Author: Barry

9 September 2023 – Forest of Bowland

It was a warm, humid but misty start to the walk when the coach dropped us off at Jubilee Tower, Quernmore, Lancaster.  The tower was built in 1887 to mark Queen Victoria’s Diamond Jubilee and the car park near it was created by the council when the tower was gifted to them. During the car park construction, they uncovered a burial ground.

Coach drop off and Jubilee Tower

Jubilee Tower (Victoria Diamond Jubilee 1887) A stone on the tower was engraved with “This tower was erected by James Harrison of Hare Appletree in commemoration of the Jubilee of Her Majesty Queen Victoria ANNO DOMINI 1887”


Colin, Nina, Girls (sorry I can’t remember your names) and Mick on Jubilee Tower


Colin and Barry on Jubilee Tower


Coach and AFWC walkers with the Forest of Bowland and Grit Fell behind


Most walkers headed downhill to complete a walk to and along the coast into Lancaster, a small goup of fit members headed to the Forest of Bowland to do a fell walk of about 15 miles.  For me I decided to do part of this long walk, encompassing the fells but shotening it by about a mile so, I headed uphill from the drop off point aiming for Shooters Pile (cairn) and Grit Fell


Shooter’s Pile cairn on Grit Fell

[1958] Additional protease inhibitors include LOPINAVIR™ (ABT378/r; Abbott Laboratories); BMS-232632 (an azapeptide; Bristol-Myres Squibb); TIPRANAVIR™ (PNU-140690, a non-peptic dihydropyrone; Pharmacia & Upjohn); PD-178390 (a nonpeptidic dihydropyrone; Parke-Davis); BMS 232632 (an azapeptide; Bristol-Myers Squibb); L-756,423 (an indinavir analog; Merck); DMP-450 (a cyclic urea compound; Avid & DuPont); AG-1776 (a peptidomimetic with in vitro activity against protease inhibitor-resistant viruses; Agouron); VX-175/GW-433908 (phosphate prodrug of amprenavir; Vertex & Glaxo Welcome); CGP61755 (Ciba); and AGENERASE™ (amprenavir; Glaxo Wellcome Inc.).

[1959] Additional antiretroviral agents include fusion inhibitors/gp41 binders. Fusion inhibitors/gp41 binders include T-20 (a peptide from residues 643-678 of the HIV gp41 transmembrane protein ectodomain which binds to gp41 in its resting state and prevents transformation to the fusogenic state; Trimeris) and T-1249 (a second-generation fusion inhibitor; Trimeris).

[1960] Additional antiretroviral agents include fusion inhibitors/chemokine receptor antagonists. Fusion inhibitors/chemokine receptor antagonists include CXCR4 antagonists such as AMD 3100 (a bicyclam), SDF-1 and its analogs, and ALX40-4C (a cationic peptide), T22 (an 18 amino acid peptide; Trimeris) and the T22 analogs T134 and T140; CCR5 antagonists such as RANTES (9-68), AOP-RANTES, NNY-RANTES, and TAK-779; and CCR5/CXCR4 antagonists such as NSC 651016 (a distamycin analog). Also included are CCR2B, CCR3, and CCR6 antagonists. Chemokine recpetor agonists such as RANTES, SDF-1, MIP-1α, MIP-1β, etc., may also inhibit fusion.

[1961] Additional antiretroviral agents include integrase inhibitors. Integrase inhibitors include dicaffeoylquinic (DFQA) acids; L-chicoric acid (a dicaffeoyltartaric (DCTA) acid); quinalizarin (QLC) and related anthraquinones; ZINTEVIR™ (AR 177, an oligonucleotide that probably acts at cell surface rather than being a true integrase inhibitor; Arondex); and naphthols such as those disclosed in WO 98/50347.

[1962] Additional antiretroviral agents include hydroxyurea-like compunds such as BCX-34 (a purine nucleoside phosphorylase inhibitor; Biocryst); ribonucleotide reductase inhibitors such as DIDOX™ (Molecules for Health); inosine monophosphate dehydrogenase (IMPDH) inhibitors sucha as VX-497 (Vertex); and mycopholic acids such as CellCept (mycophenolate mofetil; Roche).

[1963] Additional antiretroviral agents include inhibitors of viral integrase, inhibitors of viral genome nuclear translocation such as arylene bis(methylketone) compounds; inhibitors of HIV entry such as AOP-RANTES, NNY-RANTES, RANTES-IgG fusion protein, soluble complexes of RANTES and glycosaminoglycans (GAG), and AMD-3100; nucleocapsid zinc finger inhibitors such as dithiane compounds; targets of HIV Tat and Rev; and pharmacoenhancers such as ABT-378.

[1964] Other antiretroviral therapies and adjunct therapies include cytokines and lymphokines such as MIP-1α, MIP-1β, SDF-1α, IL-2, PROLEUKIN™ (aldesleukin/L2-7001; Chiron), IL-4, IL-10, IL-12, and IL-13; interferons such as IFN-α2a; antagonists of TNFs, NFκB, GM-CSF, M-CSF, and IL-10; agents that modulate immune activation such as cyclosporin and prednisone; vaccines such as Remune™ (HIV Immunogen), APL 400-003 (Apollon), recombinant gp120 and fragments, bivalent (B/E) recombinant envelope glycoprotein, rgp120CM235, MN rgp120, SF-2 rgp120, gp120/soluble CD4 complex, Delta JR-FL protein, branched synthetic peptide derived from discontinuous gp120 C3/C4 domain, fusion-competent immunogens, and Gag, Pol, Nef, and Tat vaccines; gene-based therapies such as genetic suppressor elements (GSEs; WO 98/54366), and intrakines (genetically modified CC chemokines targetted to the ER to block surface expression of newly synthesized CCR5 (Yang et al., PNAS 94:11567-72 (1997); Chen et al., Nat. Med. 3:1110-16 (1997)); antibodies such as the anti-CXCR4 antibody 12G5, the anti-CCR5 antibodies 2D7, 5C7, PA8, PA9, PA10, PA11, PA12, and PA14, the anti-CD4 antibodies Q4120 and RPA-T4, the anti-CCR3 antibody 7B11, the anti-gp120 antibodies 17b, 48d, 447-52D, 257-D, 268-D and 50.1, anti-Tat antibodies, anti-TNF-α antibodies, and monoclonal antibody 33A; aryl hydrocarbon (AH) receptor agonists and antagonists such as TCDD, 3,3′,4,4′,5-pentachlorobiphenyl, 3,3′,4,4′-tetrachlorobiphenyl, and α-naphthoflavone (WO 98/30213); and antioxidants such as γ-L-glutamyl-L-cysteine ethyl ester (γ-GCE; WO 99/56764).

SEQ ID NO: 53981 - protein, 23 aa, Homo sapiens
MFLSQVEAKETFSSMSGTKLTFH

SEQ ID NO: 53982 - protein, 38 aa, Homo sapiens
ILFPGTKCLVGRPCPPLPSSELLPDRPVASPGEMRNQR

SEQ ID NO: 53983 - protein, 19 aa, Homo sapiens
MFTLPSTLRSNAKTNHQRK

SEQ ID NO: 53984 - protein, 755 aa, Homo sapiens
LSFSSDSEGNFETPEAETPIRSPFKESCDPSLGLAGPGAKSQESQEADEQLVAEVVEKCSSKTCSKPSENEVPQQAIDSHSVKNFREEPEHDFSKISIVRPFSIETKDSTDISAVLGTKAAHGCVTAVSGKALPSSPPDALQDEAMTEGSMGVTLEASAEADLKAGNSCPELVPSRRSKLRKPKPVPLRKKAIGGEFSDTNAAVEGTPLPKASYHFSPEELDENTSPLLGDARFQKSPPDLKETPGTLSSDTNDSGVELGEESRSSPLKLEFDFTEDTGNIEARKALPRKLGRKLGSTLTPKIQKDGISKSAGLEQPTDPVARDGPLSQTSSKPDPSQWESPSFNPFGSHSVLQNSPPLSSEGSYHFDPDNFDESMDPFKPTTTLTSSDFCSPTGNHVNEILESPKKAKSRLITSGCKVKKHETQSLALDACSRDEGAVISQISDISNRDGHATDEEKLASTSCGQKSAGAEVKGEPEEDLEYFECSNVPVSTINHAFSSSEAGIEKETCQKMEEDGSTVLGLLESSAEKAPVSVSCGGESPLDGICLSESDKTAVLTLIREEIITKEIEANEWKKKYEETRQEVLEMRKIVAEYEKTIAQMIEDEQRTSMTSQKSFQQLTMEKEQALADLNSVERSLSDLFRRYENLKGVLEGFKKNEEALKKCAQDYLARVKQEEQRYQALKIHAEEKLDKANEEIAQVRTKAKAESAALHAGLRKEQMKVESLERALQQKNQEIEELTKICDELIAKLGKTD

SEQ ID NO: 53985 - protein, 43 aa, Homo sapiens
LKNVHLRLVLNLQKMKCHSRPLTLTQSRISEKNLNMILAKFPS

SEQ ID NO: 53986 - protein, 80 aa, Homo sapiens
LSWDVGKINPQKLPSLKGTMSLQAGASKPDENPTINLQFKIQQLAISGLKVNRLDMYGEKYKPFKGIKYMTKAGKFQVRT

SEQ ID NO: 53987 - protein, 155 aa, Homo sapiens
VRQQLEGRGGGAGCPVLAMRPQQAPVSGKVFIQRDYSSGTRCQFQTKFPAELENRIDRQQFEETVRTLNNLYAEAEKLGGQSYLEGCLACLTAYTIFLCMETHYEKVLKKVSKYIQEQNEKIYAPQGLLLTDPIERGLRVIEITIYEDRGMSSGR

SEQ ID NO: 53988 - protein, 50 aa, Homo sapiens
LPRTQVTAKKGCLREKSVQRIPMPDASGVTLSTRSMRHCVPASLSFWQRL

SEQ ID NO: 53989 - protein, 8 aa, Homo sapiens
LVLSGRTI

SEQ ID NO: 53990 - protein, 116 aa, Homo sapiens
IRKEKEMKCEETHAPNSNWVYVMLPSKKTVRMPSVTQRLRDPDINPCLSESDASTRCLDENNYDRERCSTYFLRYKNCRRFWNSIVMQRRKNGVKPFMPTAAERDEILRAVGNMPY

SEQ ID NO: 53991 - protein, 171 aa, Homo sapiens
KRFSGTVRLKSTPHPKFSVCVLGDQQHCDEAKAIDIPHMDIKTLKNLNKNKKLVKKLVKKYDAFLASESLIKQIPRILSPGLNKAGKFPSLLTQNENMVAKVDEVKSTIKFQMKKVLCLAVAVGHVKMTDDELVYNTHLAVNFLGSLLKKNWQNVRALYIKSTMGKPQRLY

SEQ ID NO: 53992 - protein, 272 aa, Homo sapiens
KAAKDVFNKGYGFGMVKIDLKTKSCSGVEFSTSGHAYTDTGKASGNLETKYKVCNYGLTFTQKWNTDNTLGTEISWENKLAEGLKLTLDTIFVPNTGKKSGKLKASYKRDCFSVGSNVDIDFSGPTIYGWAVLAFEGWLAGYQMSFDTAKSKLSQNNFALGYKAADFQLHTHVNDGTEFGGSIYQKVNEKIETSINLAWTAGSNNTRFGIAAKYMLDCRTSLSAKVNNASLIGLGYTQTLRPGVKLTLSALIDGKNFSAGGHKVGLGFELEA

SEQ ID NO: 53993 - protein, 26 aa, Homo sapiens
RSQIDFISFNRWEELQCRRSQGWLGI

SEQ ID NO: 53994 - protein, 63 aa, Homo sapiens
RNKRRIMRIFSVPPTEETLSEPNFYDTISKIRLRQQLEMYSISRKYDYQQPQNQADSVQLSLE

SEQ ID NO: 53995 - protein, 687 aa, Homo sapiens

Amongst the Bilberry and Heather, one of the many grouse on the fells of the Forest of Bowland


I then continued over the fells to Lancashire’s second highest peak, Ward’s Stone.  It was so humid and warm that when the heavens opened and rain fell heavily, it was most welcome, even though I was soaking wet.  Ward’s Stone is a flat topped hill and has two triangulation points about a kilometer apart. Whilst I was there and over a period of just a few minutes, the mists cleared and the views majestically appeared.

Ward’s Stone 560m in the mist. The second highest hill in Lancashire.


Ward’s Stone 560m as the mist vanished.

Sheep on Ward’s Stone & a Geographical Marker


The Flat top of Ward’s Stone hill.


Barry at the second triangulation point (561m) on Ward’s Stone


I then retraced my steps before taking a track through the old Clough Quaries down to Cragg Wood. This ancient wood is a “Specal Area Of Coservation” because of its upland location and the Sessile Oaks and Birch trees that grow there.


Ancient Cragg Wood with old upland Sessile Oak trees


From Cragg Wood there was what seemed to be a very long trek along minor country roads and then over the M6 into Lancaster City to complete about 14 miles and where the Crafty Scholar and the Lion Inn provided some welcome food and refreshements for a weary walker.


Looking back to the the Forest of Bowland and Clougha Pike taken from about halfway to Lancaster.


On the coach home, I was pleasently surprised by Andy Jakob wishing me a “Happy 70th Birthday”.  Thank you Andy and the birthday wishes from those on board!


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Pictures of the December 2019 walk in Nidderdale & Xmas Party


The Aycliffe Fell Walking Club had its Christmas Walk on Saturday from Pateley Bridge to Hampsthwaite in the Yorkshire Dales and which, of course, meant a party meal and drinks and a Quiz in a delightful Dales Pub called the Joiners Arms.